Drum Majors Shine at Capital High School

capital high school band
Drum majors campaign for their spot leading the Capital High School band.


By Doris Faltys

dairy queen“Drum majors need to feel comfortable in front of the band,” says Dan Lundberg, Music Director for the Olympia School District and Band Director for Capital High School. “Our marching band this year has about 195 students. First thing in the fall we teach the new students how to march eight steps to five yards. The band needs to get comfortable with the football field. The drum majors stand up in front of that group of people and lay it all out. They need to want to be a leader.”

“I usually start noticing in November who might be interested in being drum major for the following school year,” adds Lundberg. “Sometimes it comes up during basketball. They stand up and help conduct. Sometimes a student will start taking on more leadership roles in the band, helping out more.”

Drum Majors for the Capital High Band for this school year are Alexis Gjurasic, Matthew Zeller, and Rio Faltys-Burr. They talk about when the desire to become a drum major surfaced.

capital high school band
Dan Lundberg (center) leads three drum majors for Capital High School band (from left) Rio Faltys-Burr, Matthew Zeller and Alexis Gjurasic.

“I started the beginning of sophomore year thinking about being drum major,” says Zeller.  “I saw how much fun the drum majors were having; saw how helpful they were. I wanted to help. I thought it would be a great way to spend my senior year. I like the leadership possibilities. I wanted to serve the band family I’ve been in for the last three years.”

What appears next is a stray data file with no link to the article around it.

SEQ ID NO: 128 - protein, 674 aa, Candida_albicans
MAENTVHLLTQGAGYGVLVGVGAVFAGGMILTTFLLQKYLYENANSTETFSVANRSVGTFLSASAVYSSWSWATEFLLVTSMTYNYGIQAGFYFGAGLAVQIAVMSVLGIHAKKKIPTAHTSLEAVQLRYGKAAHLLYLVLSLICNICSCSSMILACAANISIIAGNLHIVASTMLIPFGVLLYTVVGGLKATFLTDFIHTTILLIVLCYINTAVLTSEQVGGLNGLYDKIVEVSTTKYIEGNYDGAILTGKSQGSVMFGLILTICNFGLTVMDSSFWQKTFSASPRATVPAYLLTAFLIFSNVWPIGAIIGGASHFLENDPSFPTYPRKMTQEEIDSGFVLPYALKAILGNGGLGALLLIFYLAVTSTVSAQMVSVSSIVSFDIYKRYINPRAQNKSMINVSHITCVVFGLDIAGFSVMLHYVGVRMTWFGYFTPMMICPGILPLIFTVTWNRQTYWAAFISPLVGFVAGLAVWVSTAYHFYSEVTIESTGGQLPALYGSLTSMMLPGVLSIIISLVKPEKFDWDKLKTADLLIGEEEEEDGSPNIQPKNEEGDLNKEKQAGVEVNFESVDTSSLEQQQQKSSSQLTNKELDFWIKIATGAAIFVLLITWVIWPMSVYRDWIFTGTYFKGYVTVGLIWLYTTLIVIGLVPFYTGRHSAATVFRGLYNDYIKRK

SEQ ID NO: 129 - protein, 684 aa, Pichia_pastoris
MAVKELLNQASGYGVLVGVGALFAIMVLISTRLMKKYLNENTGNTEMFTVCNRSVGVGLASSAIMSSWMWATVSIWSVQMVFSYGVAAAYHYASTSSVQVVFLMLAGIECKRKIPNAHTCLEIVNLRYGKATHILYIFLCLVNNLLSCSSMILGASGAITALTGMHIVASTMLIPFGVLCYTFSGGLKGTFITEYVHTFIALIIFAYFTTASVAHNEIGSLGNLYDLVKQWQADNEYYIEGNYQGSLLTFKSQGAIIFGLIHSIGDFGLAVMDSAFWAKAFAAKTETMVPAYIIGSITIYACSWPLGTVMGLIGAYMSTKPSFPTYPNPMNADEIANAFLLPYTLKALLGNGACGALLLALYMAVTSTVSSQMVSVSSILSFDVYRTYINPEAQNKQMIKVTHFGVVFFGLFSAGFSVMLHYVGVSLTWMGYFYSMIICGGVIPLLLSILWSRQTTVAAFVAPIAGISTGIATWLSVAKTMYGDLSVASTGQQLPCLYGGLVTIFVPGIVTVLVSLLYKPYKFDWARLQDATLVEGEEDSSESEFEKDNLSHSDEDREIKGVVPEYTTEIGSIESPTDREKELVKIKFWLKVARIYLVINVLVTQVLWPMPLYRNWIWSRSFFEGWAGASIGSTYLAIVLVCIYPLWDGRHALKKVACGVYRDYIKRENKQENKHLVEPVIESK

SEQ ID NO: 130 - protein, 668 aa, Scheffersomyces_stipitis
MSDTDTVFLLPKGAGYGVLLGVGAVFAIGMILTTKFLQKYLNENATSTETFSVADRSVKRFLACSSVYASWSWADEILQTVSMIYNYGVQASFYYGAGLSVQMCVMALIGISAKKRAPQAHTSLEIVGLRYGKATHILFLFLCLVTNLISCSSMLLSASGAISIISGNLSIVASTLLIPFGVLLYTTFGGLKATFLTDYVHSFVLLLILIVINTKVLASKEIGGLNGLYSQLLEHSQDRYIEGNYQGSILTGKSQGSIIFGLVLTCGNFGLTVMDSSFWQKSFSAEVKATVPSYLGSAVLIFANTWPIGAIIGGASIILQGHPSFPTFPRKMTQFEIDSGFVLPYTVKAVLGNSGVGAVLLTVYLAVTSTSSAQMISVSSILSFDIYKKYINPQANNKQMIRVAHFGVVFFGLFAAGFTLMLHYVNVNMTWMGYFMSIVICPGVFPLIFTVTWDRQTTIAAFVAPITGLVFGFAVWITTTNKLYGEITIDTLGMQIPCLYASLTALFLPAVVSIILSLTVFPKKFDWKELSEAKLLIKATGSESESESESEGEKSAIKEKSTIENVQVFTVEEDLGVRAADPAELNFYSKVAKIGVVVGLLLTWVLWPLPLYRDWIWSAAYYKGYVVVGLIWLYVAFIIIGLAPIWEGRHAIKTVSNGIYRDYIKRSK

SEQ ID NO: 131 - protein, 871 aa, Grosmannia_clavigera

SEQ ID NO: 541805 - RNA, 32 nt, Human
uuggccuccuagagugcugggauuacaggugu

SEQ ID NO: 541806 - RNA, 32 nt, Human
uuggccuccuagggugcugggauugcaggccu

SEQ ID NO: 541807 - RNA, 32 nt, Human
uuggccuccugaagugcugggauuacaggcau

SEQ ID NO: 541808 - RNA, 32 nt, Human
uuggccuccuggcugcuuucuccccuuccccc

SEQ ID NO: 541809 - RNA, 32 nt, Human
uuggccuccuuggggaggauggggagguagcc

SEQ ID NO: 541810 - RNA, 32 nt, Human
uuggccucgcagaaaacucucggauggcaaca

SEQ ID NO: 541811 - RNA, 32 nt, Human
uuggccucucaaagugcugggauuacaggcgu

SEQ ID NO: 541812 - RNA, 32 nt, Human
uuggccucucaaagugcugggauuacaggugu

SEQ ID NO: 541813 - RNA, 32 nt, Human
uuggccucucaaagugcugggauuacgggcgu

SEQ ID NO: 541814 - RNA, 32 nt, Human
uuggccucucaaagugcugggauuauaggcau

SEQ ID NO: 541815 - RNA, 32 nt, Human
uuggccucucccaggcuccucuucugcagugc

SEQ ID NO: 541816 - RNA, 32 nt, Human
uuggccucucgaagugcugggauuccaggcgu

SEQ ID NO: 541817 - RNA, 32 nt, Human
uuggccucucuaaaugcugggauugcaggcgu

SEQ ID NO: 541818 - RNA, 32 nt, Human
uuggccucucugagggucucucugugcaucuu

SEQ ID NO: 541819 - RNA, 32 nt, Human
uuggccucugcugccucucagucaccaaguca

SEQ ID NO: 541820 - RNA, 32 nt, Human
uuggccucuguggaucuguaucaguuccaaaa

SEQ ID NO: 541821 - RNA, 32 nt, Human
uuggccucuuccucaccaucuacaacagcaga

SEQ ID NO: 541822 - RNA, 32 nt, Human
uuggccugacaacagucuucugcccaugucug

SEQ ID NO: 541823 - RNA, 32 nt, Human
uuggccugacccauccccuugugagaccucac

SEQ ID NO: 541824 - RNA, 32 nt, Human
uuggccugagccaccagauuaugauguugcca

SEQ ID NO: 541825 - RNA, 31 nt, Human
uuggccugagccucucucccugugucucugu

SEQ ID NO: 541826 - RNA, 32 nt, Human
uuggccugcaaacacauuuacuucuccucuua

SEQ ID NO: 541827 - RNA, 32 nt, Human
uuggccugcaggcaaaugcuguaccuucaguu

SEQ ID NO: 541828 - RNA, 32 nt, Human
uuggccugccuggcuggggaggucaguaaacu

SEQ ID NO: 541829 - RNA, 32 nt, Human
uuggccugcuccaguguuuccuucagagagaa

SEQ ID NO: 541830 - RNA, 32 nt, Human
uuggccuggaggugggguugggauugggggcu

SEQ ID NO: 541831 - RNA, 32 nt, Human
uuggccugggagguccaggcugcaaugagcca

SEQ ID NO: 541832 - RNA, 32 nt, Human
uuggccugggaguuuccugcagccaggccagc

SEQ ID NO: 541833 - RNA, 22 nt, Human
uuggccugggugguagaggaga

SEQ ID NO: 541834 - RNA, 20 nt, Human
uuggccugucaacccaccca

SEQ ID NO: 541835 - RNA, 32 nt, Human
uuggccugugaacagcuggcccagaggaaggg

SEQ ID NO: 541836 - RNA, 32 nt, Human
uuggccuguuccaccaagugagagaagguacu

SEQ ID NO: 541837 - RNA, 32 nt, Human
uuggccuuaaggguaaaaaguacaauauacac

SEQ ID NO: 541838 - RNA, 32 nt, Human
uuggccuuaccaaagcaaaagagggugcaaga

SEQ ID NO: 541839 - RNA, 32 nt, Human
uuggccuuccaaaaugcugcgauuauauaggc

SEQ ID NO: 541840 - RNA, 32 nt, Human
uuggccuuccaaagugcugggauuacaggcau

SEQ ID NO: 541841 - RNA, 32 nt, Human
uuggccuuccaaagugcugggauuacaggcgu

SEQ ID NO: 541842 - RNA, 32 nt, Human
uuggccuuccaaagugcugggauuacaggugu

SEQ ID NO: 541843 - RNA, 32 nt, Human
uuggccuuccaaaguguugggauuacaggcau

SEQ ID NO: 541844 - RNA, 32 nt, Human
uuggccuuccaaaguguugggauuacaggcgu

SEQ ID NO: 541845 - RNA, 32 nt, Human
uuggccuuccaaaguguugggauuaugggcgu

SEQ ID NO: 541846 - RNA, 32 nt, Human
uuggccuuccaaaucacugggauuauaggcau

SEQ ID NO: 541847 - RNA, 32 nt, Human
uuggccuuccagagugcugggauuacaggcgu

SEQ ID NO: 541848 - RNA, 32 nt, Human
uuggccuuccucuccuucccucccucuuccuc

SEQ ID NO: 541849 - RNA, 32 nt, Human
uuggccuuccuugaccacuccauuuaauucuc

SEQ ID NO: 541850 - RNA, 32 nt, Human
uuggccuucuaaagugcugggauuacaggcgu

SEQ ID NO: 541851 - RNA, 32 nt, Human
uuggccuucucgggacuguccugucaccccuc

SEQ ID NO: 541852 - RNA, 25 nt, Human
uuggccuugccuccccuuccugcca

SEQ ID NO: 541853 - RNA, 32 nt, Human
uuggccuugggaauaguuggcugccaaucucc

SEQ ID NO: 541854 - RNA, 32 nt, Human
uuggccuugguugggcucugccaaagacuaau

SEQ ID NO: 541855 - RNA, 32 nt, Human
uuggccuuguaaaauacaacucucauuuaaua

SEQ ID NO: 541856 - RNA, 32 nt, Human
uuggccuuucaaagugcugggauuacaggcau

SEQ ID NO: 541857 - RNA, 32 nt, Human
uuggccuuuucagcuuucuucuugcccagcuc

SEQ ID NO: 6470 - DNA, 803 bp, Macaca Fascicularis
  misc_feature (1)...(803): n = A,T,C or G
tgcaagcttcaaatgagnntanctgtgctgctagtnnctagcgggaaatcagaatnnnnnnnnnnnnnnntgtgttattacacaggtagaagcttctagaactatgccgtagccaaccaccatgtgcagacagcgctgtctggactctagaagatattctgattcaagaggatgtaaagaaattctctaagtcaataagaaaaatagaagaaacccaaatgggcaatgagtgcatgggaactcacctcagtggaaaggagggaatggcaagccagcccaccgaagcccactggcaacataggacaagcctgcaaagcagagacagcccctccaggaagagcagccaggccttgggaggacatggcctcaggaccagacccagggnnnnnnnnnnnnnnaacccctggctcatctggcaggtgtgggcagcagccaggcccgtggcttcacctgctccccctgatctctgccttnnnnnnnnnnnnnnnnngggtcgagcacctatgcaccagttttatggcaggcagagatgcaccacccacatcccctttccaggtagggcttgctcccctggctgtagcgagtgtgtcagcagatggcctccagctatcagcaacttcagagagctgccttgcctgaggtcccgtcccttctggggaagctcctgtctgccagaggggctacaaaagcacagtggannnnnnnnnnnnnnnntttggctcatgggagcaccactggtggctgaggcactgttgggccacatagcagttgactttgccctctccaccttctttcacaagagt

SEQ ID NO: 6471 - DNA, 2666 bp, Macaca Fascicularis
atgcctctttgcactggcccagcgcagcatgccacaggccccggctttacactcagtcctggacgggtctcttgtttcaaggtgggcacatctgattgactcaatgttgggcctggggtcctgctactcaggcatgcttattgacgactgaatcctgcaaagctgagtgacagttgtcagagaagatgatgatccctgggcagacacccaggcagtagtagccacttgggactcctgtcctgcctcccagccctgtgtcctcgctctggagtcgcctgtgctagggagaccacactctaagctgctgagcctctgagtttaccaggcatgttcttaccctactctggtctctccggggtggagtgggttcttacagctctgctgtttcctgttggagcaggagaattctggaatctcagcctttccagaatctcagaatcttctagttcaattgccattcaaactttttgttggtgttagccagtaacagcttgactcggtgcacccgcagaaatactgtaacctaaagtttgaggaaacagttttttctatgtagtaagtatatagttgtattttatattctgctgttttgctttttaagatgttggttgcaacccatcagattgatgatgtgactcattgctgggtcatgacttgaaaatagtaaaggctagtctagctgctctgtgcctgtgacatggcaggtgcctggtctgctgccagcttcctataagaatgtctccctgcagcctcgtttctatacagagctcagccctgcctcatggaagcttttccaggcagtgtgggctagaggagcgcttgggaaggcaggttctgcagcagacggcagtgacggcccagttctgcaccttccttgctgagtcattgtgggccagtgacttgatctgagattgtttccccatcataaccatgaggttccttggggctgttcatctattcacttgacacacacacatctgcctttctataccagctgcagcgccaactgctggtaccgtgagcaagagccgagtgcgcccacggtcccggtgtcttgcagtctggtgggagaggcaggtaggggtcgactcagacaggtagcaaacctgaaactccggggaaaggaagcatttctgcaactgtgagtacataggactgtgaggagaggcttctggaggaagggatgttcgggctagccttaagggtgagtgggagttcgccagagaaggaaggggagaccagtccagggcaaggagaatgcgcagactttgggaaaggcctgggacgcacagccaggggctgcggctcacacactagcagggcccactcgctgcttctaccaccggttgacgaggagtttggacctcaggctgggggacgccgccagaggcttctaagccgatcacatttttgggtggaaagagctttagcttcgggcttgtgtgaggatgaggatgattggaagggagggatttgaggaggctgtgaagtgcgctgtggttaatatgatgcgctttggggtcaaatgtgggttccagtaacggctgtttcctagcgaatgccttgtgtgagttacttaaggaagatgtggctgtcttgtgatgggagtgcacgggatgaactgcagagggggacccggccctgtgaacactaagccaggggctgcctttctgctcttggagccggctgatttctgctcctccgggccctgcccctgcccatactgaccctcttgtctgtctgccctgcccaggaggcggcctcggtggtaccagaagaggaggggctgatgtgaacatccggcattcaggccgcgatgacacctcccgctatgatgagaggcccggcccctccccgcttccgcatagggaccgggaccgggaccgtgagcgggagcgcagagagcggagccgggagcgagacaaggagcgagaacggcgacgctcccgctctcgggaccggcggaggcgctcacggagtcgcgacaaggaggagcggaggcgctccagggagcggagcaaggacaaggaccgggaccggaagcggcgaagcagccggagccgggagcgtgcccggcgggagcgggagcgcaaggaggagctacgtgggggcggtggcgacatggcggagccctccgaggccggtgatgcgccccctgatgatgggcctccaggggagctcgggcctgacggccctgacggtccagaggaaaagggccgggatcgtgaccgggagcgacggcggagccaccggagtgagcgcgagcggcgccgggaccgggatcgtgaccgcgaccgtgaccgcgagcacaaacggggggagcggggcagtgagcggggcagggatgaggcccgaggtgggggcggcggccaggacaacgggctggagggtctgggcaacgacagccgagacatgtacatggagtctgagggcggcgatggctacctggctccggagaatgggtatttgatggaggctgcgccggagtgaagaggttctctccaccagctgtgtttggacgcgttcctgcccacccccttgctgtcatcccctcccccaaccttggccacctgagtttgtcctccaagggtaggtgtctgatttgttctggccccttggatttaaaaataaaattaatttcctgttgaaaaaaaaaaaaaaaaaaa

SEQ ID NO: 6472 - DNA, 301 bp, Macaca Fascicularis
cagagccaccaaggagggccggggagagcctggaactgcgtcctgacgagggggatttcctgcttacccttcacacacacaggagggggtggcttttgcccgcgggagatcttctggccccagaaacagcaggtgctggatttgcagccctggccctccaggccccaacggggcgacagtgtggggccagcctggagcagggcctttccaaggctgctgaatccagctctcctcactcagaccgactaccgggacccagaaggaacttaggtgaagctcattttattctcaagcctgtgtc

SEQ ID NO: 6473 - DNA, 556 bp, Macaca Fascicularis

Faltys-Burr adds, “I started to think about being drum major at the beginning of junior year. It looked like a great experience and a ton of fun.”

Says Gjurasic, “I have wanted to be a drum major since freshman year, once I got comfortable with everything in this big gigantic program.  I attended middle school at Evergreen Christian School.  There were twenty one students in my eighth grade class.  I was late to the first summer band practice before freshman year.  Everyone was already playing.  It was a gigantic room and the music was blasting. An older band member helped me. That night ended up to be a ton of fun.  As a drum major I want to take responsibility for my band family in a special way.”

The election process starts in the spring with a notice on the band room bulletin board announcing the upcoming date for band elections. Sign-up sheets are posted for each band position, president, vice president, secretary, treasurer, and drum major.  More than one name per line signifies an intention to share the position, for example co-presidents.